Miriam has never really gotten used to the fact that she lives on a farm and spends her days milking cows. The books she's read have gone to her head, and she likes to think of herself as a princess who's being kept in slavery. She's just toiling away, waiting for a white knight to discover who she really is. Get a grip, girl. Paul ain't no knight in shining armor, that's for sure.

She could not be princess by wealth or standing. So she was mad to have learning wereon to pride herself. For she was different from other folk, and must not be scooped up among the common fry. (7.3)

Miriam realizes that she might never be rich. But one way she can make herself appear more princess-like is to read books and get all cultured. What she fears most is being average. She's willing to do almost anything to avoid this terrible, horrible fate. In that way, she's like most angsty teenagers, really.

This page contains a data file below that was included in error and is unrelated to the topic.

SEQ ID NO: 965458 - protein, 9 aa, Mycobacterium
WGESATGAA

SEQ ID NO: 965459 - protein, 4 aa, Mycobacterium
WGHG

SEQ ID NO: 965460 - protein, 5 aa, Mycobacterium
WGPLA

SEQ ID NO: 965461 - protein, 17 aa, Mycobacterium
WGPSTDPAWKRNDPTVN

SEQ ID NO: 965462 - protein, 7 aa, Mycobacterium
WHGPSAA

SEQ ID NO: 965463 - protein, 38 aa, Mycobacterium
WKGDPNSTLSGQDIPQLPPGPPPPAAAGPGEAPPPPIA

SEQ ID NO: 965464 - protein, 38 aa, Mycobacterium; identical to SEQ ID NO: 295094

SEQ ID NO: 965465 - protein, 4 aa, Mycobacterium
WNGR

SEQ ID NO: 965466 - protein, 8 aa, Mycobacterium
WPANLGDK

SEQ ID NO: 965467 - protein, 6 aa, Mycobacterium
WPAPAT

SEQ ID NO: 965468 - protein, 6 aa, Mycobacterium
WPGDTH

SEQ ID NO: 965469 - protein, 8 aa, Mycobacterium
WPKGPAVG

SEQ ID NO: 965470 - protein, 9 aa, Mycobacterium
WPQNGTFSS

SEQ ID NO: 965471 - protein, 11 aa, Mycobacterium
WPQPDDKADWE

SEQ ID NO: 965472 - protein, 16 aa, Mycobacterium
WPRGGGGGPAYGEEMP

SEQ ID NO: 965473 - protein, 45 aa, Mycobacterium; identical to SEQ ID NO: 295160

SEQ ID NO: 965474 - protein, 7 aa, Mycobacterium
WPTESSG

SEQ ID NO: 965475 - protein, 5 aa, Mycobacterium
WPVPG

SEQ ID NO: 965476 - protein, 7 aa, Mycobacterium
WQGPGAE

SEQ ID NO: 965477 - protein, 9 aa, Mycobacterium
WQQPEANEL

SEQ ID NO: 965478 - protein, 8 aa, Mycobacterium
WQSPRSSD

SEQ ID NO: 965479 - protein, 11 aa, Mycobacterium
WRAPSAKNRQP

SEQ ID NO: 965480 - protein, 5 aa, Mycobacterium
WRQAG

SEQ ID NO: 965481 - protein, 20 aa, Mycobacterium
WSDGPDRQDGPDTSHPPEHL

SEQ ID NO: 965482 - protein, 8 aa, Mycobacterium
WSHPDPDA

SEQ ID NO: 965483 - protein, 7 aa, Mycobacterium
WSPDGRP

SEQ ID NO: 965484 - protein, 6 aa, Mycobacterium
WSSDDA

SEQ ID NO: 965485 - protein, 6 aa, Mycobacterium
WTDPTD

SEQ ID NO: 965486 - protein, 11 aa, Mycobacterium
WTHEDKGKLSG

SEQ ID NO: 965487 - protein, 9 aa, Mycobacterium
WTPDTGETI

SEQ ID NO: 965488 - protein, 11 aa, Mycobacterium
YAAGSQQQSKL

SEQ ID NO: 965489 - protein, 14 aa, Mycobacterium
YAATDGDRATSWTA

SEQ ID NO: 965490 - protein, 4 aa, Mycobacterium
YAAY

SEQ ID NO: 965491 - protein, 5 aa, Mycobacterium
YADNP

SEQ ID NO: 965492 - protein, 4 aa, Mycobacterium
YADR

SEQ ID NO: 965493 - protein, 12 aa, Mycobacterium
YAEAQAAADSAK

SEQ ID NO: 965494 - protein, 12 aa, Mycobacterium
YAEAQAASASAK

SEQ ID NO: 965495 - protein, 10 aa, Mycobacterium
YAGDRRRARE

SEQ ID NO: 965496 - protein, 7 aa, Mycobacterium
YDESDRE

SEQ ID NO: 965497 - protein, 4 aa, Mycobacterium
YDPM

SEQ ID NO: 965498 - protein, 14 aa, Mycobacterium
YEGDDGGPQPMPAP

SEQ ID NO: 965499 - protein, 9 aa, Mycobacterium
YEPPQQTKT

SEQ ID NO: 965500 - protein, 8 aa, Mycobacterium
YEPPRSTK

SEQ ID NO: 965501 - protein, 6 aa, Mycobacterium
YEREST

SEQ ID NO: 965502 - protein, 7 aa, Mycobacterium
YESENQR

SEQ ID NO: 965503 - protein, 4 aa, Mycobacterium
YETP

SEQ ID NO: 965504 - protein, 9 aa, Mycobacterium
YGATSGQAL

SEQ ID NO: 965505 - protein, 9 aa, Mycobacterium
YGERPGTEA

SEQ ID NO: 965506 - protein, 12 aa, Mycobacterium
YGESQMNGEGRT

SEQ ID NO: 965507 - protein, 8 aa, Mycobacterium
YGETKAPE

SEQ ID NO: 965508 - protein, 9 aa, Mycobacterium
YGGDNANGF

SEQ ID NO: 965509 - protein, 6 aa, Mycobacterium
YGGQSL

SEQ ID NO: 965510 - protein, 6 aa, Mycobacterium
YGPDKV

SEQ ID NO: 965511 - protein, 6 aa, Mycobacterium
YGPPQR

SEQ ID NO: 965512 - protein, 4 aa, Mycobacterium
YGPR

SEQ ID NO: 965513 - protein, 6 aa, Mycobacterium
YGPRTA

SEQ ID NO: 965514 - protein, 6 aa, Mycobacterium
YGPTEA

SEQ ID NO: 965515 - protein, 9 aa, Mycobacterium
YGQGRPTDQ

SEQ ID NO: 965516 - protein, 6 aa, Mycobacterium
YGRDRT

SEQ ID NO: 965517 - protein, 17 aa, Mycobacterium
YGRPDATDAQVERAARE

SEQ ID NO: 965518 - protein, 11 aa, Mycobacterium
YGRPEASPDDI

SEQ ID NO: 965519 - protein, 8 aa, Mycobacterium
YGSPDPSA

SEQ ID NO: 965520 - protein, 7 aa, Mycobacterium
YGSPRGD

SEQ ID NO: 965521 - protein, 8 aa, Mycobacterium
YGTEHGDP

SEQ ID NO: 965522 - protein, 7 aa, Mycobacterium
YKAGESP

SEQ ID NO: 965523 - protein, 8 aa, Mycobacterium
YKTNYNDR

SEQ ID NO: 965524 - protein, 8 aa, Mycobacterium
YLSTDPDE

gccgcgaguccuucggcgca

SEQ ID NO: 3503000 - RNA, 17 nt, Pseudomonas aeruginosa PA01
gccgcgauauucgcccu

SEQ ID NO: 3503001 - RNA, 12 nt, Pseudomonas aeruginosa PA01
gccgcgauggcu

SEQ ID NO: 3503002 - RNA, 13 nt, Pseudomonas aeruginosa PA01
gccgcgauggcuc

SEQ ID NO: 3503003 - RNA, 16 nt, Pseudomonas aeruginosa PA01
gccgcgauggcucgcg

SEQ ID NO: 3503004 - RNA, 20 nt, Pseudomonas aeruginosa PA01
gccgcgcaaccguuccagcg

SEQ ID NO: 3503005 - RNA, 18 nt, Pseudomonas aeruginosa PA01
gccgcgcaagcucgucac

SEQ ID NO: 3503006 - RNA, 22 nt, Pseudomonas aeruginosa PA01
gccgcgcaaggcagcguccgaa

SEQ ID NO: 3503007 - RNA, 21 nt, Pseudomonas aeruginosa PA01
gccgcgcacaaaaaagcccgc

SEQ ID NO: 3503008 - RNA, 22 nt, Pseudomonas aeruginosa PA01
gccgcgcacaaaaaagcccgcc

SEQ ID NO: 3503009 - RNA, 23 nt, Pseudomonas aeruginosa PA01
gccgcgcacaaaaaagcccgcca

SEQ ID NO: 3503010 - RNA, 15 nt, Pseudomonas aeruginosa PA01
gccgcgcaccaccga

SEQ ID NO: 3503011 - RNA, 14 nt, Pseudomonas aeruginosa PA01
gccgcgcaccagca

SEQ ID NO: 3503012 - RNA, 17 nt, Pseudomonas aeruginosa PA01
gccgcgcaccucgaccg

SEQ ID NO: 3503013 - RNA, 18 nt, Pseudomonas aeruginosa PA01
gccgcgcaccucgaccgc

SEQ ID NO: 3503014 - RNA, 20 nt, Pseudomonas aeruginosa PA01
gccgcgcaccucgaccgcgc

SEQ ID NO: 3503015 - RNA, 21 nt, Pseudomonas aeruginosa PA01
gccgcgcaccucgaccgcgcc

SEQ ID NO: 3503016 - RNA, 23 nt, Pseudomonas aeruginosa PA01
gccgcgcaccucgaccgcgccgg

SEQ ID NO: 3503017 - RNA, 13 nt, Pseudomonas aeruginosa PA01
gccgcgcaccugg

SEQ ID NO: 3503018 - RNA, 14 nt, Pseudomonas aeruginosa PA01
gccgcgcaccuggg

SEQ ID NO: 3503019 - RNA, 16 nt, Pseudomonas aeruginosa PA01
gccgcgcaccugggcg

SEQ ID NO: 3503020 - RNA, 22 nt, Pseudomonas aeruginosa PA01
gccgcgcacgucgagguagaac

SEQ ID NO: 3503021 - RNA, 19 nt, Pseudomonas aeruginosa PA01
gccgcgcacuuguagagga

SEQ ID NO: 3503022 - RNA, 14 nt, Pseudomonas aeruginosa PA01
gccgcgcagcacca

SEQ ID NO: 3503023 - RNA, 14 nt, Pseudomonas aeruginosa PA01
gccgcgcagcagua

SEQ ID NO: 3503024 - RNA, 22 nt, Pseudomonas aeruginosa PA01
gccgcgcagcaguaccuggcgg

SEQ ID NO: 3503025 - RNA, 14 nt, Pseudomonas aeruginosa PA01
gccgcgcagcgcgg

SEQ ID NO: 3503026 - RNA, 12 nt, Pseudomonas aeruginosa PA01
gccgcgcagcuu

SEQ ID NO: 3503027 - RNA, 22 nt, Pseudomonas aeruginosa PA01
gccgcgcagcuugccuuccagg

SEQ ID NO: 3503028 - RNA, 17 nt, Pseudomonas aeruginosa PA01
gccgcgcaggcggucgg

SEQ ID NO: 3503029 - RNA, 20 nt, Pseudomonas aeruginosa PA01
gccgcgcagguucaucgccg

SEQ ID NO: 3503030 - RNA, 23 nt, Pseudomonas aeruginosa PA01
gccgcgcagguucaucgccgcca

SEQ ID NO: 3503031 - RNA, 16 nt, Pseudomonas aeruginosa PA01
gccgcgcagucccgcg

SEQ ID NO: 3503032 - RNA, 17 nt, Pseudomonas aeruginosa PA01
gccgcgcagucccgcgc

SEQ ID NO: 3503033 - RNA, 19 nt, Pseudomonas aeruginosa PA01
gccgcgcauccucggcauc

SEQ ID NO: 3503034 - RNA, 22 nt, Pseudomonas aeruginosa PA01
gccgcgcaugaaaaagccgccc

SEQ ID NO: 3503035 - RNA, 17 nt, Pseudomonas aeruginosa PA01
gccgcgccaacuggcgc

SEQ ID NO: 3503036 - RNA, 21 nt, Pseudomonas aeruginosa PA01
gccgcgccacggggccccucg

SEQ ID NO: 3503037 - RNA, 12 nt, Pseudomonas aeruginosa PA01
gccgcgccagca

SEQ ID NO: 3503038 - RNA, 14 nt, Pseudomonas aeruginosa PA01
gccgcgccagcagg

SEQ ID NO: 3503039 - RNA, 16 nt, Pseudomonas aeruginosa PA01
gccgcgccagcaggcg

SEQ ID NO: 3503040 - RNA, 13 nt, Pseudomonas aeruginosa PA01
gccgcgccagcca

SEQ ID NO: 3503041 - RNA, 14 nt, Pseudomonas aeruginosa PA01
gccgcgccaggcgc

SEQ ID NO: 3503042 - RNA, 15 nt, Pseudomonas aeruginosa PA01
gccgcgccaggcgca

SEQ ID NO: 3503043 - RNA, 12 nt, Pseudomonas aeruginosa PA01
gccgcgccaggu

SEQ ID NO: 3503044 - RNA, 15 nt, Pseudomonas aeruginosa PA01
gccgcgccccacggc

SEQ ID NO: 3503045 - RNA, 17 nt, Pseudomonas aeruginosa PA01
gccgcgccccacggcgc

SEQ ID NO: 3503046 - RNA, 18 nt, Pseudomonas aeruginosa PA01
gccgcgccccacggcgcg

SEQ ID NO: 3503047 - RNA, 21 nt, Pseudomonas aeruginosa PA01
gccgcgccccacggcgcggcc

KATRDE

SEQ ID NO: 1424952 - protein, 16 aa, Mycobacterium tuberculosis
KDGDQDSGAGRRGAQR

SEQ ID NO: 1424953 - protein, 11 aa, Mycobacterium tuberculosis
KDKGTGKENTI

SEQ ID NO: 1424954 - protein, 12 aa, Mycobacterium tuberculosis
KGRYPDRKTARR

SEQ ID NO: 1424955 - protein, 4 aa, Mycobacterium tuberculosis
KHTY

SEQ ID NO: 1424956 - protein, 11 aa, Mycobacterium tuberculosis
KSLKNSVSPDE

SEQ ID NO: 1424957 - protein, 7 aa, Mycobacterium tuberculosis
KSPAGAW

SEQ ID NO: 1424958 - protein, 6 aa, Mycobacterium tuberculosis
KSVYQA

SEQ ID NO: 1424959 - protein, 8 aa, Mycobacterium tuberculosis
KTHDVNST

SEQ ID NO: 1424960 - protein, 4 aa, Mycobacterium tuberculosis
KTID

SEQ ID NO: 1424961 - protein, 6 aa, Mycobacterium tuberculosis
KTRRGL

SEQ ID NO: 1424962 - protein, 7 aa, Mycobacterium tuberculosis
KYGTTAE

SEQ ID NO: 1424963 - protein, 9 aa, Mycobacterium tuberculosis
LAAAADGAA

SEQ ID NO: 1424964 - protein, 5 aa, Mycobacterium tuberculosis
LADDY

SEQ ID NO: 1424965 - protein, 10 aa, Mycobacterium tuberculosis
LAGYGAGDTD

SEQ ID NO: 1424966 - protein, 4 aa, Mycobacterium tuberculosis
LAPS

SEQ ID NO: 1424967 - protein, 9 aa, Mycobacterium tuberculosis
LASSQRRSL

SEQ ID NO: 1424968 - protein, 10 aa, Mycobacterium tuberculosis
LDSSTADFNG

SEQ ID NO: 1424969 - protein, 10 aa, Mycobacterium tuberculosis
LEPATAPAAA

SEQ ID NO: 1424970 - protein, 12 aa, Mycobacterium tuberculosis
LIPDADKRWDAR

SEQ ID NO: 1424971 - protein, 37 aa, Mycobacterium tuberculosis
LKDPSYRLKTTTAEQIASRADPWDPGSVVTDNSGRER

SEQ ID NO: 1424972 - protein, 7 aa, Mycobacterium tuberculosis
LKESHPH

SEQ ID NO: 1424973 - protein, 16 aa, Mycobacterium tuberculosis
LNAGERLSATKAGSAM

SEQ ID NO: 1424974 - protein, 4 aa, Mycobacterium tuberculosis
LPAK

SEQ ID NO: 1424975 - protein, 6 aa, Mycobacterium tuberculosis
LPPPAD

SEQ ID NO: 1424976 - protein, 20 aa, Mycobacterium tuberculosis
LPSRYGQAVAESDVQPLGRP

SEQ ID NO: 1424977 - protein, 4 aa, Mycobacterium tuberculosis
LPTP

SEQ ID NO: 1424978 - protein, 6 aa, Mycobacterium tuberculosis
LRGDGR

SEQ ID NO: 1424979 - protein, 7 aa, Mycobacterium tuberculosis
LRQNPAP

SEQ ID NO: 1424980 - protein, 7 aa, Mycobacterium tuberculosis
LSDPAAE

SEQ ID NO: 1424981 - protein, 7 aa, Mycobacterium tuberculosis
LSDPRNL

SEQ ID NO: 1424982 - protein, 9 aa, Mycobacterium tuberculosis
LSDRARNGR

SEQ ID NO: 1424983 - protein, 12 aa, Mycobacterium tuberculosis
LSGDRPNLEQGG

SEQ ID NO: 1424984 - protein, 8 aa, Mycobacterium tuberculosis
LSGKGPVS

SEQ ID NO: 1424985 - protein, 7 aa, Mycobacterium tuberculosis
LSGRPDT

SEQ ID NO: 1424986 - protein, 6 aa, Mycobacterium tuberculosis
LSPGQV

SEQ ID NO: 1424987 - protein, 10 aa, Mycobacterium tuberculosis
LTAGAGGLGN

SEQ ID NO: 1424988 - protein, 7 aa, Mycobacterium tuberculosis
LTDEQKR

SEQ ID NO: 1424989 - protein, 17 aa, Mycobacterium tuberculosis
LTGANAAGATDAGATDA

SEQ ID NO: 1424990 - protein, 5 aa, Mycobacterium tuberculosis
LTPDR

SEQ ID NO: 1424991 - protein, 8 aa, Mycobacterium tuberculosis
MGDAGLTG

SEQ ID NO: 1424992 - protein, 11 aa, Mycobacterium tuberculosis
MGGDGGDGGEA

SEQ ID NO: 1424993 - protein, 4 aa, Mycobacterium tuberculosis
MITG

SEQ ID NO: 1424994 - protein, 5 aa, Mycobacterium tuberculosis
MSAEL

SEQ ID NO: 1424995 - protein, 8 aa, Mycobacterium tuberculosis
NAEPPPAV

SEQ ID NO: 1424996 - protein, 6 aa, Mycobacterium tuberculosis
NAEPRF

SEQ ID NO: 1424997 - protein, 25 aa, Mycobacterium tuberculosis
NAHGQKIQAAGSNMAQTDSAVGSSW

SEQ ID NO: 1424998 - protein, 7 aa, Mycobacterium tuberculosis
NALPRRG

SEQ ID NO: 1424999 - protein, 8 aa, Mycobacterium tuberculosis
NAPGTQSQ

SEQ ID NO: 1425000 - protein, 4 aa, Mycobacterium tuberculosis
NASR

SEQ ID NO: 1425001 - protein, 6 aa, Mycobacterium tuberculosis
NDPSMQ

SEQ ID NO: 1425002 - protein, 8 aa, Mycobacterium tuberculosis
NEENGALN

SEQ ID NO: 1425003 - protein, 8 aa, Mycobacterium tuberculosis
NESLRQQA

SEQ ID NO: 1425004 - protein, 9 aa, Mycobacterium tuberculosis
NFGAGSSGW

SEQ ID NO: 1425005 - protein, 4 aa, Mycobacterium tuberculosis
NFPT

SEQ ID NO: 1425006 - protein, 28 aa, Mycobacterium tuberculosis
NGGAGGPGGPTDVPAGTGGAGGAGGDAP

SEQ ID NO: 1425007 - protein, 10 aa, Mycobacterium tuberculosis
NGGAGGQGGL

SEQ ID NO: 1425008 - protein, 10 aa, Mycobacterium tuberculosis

"I'd rather be called sentimental than frozen meat," Fanny blurted. Paul knew she referred to Clara, and he smiled.

"Do you say such nasty things about me?" he laughed.

"No, my duck," the hunchback woman answered, lavishly tender. She was thirty-nine. "No, my duck, because you don't think yourself a fine figure in marble and us nothing but dirt. I'm as good as you, aren't I, Paul?" and the question delighted her. (10.270-10.272)

No one seems to have it in for haughty women more than other women. Even though Paul is every bit as proud as Clara, he loves to pretend like he's very humble. We think that Paul's actually at his proudest when he's trying to convince others that he's not. It's mind-bending, we know.